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CD REVIEW: Crankshaft and the Gear Grinders - What You Gonna' Do
By Cyrus Rhodes - 03/06/2013 - 11:40 PM EST

Artist: Crankshaft and the Gear Grinders
Album: What You Gonna' Do
Label: Independent Artist
Genre: Jazz/Swing
Sounds Like: Stray Cats, Stevie Ray, Brian Setzer Orchestra, Asbury Jukes, Johnny Winter, Golden Earing.
Technical Grade: 8/10
Production/Musicianship Grade: 8/10
Commercial Value: 710
Overall Talent Level: 9/10
Songwriting Skills: 10/10
Performance Skill: 8/10
Best Songs: Dancin’ in the Dirt. Boomtown, Earthquake Shake
Weakness: 1 odd sounding track, Dated Sound
CD Review: Crankshaft has been pounding the pavement since 2008, developing his own "pork neck" style along the way. A sound heavily rooted in rock 'n' roll, blues, country, swing, and surf that "could not have been imagined prior to the early punk scene," as described by Dig In Magazine. Rock solid original lyrics, a dedicated fan base, and his 21st century twist on the American roots is pushing him to the top of the crowded Minneapolis music scene in a hurry. It's becoming clear to many that Crankshaft is "one of the best and most interesting roots, rock and blues acts playing around town these days." - Cities 97. Born into this world from gas station cassette tape collecting semi-truck drivers, Alex “Crankshaft” Larson was introduced to a wide variety of music as a pup. In 1996 he traded a combination oil/wood stove to his uncle for his first electric guitar and amp. Since then he's been involved in many projects, including a band he started with his brother in 2001 called The Mojo Spleens. In April 2008, while self-employed as a contractor, he started practicing as a one-man band and was playing shows two months later. Larson self-produced and released three albums during the next two years. In 2010, backed with the business skills he developed running a construction company and the strong DIY ethics he learned from his connection to the underground punk scene, Crankshaft decided to hang up his hammer for good so he could focus on writing and performing music. Since then he's been earning a living playing, as both a traditional one-man band and as the leader of his trio, Crankshaft and the Gear Grinders.

The CD kicks things off with “When the Sun Goes Down” a perfect intro piece that serves up a slamming R&B groove that dishes out jumping guitar, red hot vocal intensity against a driving rock rhythm and compelling vocal melody from Larson. Track 2 “Boomtown” dishes out rock steady ditty with impressive rhythm guitar against infectious vocal melody and a soulful grand slam chorus that has no comparisons. Track 3 keeps things moving in the right direction with “Dancin’ in the Dirt” a guitar driven melody from Larson that peaks and valleys its way through to emotional fruition with its hot to the touch solo guitar and infectious groove. This CD makes a solid first impression dishing out 3 rock solid tracks in a row, and really never backs down after that. As this CD slowly unfolds I can hear many different musical elements reminiscent of such classic acts like Stray Cats, Stevie Ray, Brian Setzer Orchestra, Asbury Jukes, Johnny Winter, and just a dash of Golden Earing. The music itself is an amazing blend of no holds barred Rhythm and Blues, classic Saloon Jazz-Rock with a dash of Classic Rock and 50’s style Rock n’ Roll. The musicianship of Larson is equally as impressive. The rhythm groove (Bass/Drums) is as thick as a brick. Top to bottom he is a DIY master. You will also notice lush layers of instrumentation layered everywhere. Besides the 4 piece standard you will notice impressive Horn section, sizzling guitar licks, Saloon style Piano, painted against lush harmonies layered everywhere. The most impressive thing about this CD is the impressive vocal persona and sizzling guitar skills of Mr. Larson. His musical personality are to die for and his vocal delivery is spot on for the genre. From smooth as silk “Trail of Tears” to grooving “Kingpin” to slamming “I Wanna Play” to jumping “Waiting for Me” to rocking “Earthquake Shake” and Don’t Leave” to psychedelic “Let Me Love you” this CD has something for just about everyone. The CD ends with Track 12: "Barkin’ up the Wrong Tree” the perfect finale statement for a CD of this caliber.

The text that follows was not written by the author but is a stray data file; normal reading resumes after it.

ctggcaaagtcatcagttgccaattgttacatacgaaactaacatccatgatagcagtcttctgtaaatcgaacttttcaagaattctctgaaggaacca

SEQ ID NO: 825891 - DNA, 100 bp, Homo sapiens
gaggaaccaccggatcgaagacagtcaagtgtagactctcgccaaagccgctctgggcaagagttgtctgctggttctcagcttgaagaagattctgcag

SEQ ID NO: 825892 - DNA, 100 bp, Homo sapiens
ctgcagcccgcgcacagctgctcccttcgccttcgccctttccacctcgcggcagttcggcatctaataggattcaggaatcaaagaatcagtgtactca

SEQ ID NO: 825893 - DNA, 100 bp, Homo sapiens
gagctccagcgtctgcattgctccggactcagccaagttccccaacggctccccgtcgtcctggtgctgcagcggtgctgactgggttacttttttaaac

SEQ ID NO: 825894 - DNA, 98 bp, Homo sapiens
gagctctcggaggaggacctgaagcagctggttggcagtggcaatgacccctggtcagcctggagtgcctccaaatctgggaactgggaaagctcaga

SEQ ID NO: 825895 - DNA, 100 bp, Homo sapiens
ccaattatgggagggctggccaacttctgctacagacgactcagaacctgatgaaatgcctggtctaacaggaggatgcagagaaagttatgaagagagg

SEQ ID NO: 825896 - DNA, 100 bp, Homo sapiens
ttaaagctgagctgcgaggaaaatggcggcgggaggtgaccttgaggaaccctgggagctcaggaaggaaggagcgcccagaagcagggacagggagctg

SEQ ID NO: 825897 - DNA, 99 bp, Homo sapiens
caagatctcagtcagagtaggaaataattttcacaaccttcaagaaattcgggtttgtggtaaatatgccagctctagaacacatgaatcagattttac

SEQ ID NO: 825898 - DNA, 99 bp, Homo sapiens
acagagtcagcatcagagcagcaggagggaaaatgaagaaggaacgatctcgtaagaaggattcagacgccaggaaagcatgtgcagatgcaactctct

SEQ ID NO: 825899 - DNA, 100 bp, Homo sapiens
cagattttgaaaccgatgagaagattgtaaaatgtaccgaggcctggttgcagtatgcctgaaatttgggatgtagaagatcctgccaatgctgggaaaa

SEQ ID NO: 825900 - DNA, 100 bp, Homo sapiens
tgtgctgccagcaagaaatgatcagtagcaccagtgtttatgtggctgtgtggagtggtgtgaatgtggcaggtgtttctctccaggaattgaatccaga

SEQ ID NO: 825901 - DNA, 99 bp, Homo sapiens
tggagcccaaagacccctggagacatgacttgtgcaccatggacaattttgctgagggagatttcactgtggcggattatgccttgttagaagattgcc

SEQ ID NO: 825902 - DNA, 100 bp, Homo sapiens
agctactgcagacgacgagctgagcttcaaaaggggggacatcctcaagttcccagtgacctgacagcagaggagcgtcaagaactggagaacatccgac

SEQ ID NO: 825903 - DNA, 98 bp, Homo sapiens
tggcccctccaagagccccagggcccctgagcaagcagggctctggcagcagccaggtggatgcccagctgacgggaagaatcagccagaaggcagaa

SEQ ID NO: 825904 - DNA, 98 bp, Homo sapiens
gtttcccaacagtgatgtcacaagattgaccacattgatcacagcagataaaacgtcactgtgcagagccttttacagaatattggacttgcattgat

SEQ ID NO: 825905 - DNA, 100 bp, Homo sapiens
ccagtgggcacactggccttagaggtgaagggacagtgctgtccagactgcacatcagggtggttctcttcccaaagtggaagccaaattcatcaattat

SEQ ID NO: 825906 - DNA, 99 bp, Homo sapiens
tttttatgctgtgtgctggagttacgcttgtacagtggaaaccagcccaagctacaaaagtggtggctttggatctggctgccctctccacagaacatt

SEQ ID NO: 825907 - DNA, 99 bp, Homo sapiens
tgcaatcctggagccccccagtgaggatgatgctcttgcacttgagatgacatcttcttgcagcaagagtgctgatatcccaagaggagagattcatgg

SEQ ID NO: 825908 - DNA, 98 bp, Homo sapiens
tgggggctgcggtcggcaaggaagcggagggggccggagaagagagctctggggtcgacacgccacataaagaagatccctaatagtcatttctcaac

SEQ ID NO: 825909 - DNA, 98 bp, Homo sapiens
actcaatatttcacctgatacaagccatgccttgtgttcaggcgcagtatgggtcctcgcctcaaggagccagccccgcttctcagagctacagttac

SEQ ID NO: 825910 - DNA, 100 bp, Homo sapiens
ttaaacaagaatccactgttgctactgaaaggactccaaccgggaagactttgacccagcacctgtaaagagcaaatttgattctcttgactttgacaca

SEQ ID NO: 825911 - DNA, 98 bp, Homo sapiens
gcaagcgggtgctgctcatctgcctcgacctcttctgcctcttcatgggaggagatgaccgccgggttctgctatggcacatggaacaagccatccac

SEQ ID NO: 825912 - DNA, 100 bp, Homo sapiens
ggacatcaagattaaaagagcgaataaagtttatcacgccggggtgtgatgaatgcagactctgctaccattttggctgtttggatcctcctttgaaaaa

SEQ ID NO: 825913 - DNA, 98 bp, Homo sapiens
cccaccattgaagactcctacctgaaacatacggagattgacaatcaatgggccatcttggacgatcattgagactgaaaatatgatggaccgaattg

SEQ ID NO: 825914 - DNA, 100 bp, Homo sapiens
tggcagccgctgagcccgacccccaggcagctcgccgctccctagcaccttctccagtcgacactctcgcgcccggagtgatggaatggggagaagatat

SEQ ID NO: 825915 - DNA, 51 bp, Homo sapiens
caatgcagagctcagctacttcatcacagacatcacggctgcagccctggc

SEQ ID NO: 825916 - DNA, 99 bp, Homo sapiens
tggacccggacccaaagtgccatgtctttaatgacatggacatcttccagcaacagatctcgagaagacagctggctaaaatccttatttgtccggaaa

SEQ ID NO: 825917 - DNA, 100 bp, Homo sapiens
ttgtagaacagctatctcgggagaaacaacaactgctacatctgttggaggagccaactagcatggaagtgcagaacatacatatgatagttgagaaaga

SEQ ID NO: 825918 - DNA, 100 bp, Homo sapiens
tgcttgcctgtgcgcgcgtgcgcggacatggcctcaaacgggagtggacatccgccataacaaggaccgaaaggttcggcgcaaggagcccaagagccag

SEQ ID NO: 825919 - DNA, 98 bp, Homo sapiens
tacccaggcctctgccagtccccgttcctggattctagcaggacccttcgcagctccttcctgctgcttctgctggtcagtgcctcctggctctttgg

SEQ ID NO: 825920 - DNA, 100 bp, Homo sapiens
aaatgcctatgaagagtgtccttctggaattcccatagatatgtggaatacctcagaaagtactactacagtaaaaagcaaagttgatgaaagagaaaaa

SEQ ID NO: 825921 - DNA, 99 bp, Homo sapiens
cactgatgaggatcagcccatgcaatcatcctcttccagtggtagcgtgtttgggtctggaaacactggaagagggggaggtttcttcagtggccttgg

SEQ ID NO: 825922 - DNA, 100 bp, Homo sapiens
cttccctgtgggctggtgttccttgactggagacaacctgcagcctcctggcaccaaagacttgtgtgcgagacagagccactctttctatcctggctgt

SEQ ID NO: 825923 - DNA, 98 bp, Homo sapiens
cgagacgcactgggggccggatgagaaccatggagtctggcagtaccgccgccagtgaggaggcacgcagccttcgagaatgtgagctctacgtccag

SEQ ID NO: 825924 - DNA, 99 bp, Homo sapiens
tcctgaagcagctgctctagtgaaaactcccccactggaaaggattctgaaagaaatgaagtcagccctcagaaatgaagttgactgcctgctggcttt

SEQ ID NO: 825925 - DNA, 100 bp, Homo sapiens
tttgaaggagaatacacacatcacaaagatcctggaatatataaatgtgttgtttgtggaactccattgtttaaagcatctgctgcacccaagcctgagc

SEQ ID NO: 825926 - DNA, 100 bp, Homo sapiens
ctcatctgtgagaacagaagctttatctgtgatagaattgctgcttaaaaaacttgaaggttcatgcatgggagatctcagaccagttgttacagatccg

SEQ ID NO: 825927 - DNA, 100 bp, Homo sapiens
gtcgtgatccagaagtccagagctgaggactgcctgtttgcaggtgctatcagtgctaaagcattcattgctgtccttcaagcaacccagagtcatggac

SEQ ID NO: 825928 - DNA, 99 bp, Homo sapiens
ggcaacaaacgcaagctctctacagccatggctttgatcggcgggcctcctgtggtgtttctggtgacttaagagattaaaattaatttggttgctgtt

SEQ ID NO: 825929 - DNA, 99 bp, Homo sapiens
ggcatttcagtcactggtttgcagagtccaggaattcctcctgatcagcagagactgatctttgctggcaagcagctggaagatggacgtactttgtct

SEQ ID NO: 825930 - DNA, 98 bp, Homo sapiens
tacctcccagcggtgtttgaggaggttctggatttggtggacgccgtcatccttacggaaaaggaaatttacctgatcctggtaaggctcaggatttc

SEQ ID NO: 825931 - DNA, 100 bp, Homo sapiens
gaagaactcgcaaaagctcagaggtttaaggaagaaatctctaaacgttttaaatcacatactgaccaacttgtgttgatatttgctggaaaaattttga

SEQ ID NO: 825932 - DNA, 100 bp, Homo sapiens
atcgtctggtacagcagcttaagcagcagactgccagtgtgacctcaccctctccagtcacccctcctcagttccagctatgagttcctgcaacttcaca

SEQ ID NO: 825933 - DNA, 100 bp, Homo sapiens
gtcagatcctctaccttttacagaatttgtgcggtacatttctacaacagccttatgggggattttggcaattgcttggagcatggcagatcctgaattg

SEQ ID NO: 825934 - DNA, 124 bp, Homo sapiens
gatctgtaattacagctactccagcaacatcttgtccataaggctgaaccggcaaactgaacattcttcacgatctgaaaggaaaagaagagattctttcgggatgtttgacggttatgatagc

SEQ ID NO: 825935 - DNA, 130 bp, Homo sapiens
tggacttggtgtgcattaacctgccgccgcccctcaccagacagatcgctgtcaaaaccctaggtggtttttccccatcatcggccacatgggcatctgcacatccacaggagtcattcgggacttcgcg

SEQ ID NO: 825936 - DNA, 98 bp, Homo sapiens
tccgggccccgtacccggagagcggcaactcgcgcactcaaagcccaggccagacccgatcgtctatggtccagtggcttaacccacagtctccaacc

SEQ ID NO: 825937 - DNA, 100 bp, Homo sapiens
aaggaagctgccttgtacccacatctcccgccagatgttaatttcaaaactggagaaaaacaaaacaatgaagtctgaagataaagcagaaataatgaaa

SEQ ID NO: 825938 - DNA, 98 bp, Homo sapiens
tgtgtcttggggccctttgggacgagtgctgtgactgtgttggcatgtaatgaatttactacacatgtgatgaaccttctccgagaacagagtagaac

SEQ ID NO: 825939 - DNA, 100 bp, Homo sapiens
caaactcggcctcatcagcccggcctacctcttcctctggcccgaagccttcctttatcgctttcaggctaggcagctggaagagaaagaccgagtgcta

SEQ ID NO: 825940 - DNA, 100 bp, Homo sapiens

Track 10 ‘Don’t Leave” sounds extremely awkward to me with respect to the overall drum sound and overall mixing style. It sticks out from the rest of the songs in a bad way. The CD laso give off a vintage 40's feel. Perhpas it's by retro design but it's not the most modern soudning record I've ever heard.

The latest 12 track CD from Crankshaft and the Gear Grinders is a real barnburner of a release. It's a rock solid and highly entertaining CD from start to finish. The songwriting – all consistent musical experiences, each one possessing a unique personality, flair, and signature grooves. Note for note, song for song there isn’t really a weak piece on this entire catalogue. The writing and playing abilities of Crankshaft Larson is rock solid. It’s strength – the raw song for song intensity that keeps coming at you. No doubt these guys are a total riot to check out live around Minnesota. The music is nitty-gritty, rock solid, heavy and consistent. Like a heavy weight fighter this CD packs a powerful punch and goes the full 12 rounds with no sign of letting up.

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